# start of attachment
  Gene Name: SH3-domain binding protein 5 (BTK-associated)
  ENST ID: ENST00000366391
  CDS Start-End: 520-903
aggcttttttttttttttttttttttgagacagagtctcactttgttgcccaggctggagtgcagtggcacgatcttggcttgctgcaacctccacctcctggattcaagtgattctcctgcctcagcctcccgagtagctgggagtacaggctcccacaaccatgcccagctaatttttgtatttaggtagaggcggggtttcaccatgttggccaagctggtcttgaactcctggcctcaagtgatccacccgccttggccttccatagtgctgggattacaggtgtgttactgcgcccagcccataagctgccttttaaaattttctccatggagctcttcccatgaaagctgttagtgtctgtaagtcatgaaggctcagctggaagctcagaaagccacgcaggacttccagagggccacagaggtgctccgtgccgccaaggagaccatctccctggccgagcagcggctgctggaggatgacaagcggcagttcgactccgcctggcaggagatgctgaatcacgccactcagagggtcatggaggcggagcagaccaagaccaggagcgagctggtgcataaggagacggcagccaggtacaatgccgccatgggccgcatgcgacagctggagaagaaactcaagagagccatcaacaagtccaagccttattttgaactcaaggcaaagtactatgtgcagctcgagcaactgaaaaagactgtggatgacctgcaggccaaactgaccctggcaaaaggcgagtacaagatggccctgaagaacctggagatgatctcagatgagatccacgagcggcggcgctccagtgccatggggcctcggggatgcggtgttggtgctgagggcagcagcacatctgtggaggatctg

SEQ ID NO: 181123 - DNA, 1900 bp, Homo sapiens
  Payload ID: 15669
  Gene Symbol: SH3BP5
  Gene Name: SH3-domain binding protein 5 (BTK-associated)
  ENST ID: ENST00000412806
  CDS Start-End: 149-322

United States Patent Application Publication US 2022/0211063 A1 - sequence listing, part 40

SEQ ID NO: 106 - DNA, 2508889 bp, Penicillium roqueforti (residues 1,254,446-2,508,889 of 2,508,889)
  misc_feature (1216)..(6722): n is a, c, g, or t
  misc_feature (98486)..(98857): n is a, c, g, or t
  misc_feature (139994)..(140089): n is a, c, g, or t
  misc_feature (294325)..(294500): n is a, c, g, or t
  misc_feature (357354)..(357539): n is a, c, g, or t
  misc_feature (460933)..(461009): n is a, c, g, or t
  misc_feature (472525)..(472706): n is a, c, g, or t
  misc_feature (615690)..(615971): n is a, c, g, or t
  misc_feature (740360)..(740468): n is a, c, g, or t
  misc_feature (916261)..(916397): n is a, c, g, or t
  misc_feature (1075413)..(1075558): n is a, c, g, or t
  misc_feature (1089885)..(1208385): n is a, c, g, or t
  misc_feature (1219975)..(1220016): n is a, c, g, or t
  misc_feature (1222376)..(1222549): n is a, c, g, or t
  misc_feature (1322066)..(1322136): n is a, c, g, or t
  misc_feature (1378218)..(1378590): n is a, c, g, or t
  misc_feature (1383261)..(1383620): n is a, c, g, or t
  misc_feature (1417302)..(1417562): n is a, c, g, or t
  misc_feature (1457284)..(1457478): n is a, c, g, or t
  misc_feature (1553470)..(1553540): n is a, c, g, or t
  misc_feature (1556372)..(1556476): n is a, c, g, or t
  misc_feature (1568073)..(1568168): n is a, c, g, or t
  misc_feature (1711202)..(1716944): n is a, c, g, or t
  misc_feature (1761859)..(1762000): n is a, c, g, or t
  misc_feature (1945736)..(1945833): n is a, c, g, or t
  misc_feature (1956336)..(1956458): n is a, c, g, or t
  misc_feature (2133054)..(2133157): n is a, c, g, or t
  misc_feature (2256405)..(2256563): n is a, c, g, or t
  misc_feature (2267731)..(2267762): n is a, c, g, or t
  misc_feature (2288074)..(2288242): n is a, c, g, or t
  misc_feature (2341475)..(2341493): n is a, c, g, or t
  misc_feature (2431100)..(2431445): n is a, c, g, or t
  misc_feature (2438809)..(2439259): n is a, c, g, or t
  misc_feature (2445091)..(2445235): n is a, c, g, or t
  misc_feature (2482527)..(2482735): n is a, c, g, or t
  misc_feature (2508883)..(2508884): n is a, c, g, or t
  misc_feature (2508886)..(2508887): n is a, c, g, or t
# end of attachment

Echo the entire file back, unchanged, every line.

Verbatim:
  Gene Name: SH3-domain binding protein 5 (BTK-associated)
  ENST ID: ENST00000366391
  CDS Start-End: 520-903
aggcttttttttttttttttttttttgagacagagtctcactttgttgcccaggctggagtgcagtggcacgatcttggcttgctgcaacctccacctcctggattcaagtgattctcctgcctcagcctcccgagtagctgggagtacaggctcccacaaccatgcccagctaatttttgtatttaggtagaggcggggtttcaccatgttggccaagctggtcttgaactcctggcctcaagtgatccacccgccttggccttccatagtgctgggattacaggtgtgttactgcgcccagcccataagctgccttttaaaattttctccatggagctcttcccatgaaagctgttagtgtctgtaagtcatgaaggctcagctggaagctcagaaagccacgcaggacttccagagggccacagaggtgctccgtgccgccaaggagaccatctccctggccgagcagcggctgctggaggatgacaagcggcagttcgactccgcctggcaggagatgctgaatcacgccactcagagggtcatggaggcggagcagaccaagaccaggagcgagctggtgcataaggagacggcagccaggtacaatgccgccatgggccgcatgcgacagctggagaagaaactcaagagagccatcaacaagtccaagccttattttgaactcaaggcaaagtactatgtgcagctcgagcaactgaaaaagactgtggatgacctgcaggccaaactgaccctggcaaaaggcgagtacaagatggccctgaagaacctggagatgatctcagatgagatccacgagcggcggcgctccagtgccatggggcctcggggatgcggtgttggtgctgagggcagcagcacatctgtggaggatctg

SEQ ID NO: 181123 - DNA, 1900 bp, Homo sapiens
  Payload ID: 15669
  Gene Symbol: SH3BP5
  Gene Name: SH3-domain binding protein 5 (BTK-associated)
  ENST ID: ENST00000412806
  CDS Start-End: 149-322

United States Patent Application Publication US 2022/0211063 A1 - sequence listing, part 40

SEQ ID NO: 106 - DNA, 2508889 bp, Penicillium roqueforti (residues 1,254,446-2,508,889 of 2,508,889)
  misc_feature (1216)..(6722): n is a, c, g, or t
  misc_feature (98486)..(98857): n is a, c, g, or t
  misc_feature (139994)..(140089): n is a, c, g, or t
  misc_feature (294325)..(294500): n is a, c, g, or t
  misc_feature (357354)..(357539): n is a, c, g, or t
  misc_feature (460933)..(461009): n is a, c, g, or t
  misc_feature (472525)..(472706): n is a, c, g, or t
  misc_feature (615690)..(615971): n is a, c, g, or t
  misc_feature (740360)..(740468): n is a, c, g, or t
  misc_feature (916261)..(916397): n is a, c, g, or t
  misc_feature (1075413)..(1075558): n is a, c, g, or t
  misc_feature (1089885)..(1208385): n is a, c, g, or t
  misc_feature (1219975)..(1220016): n is a, c, g, or t
  misc_feature (1222376)..(1222549): n is a, c, g, or t
  misc_feature (1322066)..(1322136): n is a, c, g, or t
  misc_feature (1378218)..(1378590): n is a, c, g, or t
  misc_feature (1383261)..(1383620): n is a, c, g, or t
  misc_feature (1417302)..(1417562): n is a, c, g, or t
  misc_feature (1457284)..(1457478): n is a, c, g, or t
  misc_feature (1553470)..(1553540): n is a, c, g, or t
  misc_feature (1556372)..(1556476): n is a, c, g, or t
  misc_feature (1568073)..(1568168): n is a, c, g, or t
  misc_feature (1711202)..(1716944): n is a, c, g, or t
  misc_feature (1761859)..(1762000): n is a, c, g, or t
  misc_feature (1945736)..(1945833): n is a, c, g, or t
  misc_feature (1956336)..(1956458): n is a, c, g, or t
  misc_feature (2133054)..(2133157): n is a, c, g, or t
  misc_feature (2256405)..(2256563): n is a, c, g, or t
  misc_feature (2267731)..(2267762): n is a, c, g, or t
  misc_feature (2288074)..(2288242): n is a, c, g, or t
  misc_feature (2341475)..(2341493): n is a, c, g, or t
  misc_feature (2431100)..(2431445): n is a, c, g, or t
  misc_feature (2438809)..(2439259): n is a, c, g, or t
  misc_feature (2445091)..(2445235): n is a, c, g, or t
  misc_feature (2482527)..(2482735): n is a, c, g, or t
  misc_feature (2508883)..(2508884): n is a, c, g, or t
  misc_feature (2508886)..(2508887): n is a, c, g, or t